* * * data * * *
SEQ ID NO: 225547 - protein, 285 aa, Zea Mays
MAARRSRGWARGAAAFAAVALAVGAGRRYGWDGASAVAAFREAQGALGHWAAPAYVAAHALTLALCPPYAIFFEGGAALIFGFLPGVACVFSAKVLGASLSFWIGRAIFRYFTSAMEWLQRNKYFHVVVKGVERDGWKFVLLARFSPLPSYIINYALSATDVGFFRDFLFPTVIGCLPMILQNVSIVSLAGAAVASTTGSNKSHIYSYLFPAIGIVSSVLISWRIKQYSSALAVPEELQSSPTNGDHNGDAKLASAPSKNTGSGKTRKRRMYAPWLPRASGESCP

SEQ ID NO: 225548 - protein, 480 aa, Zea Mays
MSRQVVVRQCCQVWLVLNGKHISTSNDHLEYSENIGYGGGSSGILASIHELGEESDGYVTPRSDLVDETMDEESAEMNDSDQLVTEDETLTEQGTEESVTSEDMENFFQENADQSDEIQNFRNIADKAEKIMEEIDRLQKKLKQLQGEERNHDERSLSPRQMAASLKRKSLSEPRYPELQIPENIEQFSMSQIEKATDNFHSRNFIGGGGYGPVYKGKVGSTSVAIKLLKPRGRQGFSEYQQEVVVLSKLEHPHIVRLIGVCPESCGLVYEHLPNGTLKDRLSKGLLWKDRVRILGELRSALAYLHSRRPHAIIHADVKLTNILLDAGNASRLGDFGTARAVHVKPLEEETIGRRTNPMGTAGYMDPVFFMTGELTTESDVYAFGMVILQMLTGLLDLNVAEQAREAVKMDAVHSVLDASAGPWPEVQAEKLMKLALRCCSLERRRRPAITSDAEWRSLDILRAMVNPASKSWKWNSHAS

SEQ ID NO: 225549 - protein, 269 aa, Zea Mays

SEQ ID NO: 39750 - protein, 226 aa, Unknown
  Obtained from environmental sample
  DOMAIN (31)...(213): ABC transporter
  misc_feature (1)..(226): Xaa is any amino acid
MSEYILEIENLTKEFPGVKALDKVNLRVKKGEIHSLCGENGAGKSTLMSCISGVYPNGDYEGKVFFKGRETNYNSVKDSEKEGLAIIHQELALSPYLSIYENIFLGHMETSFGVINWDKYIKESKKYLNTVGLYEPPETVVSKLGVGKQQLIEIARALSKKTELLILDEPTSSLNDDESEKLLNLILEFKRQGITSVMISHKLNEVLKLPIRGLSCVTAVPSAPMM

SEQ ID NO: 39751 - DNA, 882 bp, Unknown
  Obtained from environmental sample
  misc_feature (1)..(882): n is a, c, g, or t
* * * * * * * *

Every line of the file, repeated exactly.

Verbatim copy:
SEQ ID NO: 225547 - protein, 285 aa, Zea Mays
MAARRSRGWARGAAAFAAVALAVGAGRRYGWDGASAVAAFREAQGALGHWAAPAYVAAHALTLALCPPYAIFFEGGAALIFGFLPGVACVFSAKVLGASLSFWIGRAIFRYFTSAMEWLQRNKYFHVVVKGVERDGWKFVLLARFSPLPSYIINYALSATDVGFFRDFLFPTVIGCLPMILQNVSIVSLAGAAVASTTGSNKSHIYSYLFPAIGIVSSVLISWRIKQYSSALAVPEELQSSPTNGDHNGDAKLASAPSKNTGSGKTRKRRMYAPWLPRASGESCP

SEQ ID NO: 225548 - protein, 480 aa, Zea Mays
MSRQVVVRQCCQVWLVLNGKHISTSNDHLEYSENIGYGGGSSGILASIHELGEESDGYVTPRSDLVDETMDEESAEMNDSDQLVTEDETLTEQGTEESVTSEDMENFFQENADQSDEIQNFRNIADKAEKIMEEIDRLQKKLKQLQGEERNHDERSLSPRQMAASLKRKSLSEPRYPELQIPENIEQFSMSQIEKATDNFHSRNFIGGGGYGPVYKGKVGSTSVAIKLLKPRGRQGFSEYQQEVVVLSKLEHPHIVRLIGVCPESCGLVYEHLPNGTLKDRLSKGLLWKDRVRILGELRSALAYLHSRRPHAIIHADVKLTNILLDAGNASRLGDFGTARAVHVKPLEEETIGRRTNPMGTAGYMDPVFFMTGELTTESDVYAFGMVILQMLTGLLDLNVAEQAREAVKMDAVHSVLDASAGPWPEVQAEKLMKLALRCCSLERRRRPAITSDAEWRSLDILRAMVNPASKSWKWNSHAS

SEQ ID NO: 225549 - protein, 269 aa, Zea Mays

SEQ ID NO: 39750 - protein, 226 aa, Unknown
  Obtained from environmental sample
  DOMAIN (31)...(213): ABC transporter
  misc_feature (1)..(226): Xaa is any amino acid
MSEYILEIENLTKEFPGVKALDKVNLRVKKGEIHSLCGENGAGKSTLMSCISGVYPNGDYEGKVFFKGRETNYNSVKDSEKEGLAIIHQELALSPYLSIYENIFLGHMETSFGVINWDKYIKESKKYLNTVGLYEPPETVVSKLGVGKQQLIEIARALSKKTELLILDEPTSSLNDDESEKLLNLILEFKRQGITSVMISHKLNEVLKLPIRGLSCVTAVPSAPMM

SEQ ID NO: 39751 - DNA, 882 bp, Unknown
  Obtained from environmental sample
  misc_feature (1)..(882): n is a, c, g, or t